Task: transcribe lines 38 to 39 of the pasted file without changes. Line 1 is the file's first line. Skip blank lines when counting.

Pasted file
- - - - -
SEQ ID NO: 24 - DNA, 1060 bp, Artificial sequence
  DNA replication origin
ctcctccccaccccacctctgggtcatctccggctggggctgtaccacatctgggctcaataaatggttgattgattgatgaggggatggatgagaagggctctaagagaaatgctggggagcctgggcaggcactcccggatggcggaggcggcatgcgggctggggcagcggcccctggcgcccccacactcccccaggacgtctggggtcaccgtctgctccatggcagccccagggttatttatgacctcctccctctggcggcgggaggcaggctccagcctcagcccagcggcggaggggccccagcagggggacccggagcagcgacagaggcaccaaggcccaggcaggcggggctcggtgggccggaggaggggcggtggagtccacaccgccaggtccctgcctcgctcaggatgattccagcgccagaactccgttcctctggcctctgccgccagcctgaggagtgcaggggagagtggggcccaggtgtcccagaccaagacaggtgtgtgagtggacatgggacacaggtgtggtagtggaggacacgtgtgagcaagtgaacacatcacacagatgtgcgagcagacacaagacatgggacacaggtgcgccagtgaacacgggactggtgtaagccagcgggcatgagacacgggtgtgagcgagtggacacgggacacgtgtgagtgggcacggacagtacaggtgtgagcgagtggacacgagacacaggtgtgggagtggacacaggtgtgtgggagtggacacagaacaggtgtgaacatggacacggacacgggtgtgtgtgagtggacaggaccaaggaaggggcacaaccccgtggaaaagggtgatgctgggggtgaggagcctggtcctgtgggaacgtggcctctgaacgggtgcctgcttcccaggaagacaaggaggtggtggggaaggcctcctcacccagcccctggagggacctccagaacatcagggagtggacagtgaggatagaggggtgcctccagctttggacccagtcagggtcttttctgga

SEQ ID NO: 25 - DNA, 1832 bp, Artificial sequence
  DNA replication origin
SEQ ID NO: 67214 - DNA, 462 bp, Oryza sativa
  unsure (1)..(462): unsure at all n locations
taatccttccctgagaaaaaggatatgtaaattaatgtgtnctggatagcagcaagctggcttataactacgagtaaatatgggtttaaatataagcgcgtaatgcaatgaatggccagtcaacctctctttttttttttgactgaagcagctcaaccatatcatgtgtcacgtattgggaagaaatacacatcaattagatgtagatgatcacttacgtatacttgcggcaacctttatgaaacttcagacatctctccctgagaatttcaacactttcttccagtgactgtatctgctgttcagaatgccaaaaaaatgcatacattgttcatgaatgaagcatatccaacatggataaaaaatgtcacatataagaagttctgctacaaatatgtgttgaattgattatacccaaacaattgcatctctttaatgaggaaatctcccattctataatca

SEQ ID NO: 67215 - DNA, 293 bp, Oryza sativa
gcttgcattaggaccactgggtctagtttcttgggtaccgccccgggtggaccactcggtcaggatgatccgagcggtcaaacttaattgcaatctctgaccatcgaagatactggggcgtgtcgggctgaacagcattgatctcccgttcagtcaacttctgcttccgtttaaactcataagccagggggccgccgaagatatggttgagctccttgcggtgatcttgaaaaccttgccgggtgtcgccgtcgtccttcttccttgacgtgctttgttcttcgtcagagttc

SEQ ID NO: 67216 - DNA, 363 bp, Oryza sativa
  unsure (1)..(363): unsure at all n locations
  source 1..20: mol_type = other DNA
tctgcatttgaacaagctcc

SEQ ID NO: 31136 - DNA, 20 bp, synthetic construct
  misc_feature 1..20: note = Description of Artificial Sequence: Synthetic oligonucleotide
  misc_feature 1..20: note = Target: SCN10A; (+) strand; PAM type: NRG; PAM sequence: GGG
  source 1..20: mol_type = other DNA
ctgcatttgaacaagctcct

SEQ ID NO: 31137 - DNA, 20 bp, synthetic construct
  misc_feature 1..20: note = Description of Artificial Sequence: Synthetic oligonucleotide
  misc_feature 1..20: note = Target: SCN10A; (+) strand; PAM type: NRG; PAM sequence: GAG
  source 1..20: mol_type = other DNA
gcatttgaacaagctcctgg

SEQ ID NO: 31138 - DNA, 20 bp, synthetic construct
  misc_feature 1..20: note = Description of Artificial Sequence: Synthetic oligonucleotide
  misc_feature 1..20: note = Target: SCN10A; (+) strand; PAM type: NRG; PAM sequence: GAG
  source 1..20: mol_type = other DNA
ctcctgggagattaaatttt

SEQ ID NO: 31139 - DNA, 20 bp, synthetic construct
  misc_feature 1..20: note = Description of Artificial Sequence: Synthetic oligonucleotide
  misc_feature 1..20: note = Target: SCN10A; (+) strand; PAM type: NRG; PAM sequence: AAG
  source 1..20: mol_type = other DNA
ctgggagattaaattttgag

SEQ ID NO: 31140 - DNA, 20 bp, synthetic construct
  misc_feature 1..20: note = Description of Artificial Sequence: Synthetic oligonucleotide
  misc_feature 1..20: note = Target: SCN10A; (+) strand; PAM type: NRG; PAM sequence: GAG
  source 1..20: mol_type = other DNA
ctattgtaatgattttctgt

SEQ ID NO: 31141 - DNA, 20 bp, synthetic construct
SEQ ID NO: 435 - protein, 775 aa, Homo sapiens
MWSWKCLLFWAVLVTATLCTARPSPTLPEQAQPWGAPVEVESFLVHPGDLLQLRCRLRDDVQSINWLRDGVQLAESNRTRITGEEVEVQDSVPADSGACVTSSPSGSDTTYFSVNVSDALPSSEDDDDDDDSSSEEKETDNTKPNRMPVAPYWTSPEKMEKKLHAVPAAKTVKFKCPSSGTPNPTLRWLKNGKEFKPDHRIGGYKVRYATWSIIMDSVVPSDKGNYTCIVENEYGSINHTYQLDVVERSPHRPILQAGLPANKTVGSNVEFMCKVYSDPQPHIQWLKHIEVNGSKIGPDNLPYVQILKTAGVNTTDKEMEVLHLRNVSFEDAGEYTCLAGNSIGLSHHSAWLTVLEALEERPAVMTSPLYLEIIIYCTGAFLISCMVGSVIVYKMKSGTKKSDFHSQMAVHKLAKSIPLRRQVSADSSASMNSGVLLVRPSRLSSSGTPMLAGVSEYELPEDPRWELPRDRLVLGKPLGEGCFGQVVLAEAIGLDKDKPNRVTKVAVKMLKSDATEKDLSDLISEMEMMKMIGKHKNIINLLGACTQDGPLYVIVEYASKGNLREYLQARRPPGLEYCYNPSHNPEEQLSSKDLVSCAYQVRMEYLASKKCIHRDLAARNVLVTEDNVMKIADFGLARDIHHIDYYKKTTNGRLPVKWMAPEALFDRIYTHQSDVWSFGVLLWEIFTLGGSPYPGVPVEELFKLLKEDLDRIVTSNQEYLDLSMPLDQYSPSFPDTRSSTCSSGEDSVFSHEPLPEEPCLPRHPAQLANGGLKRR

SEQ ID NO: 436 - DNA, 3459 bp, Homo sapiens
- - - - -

  source 1..20: mol_type = other DNA
ctattgtaatgattttctgt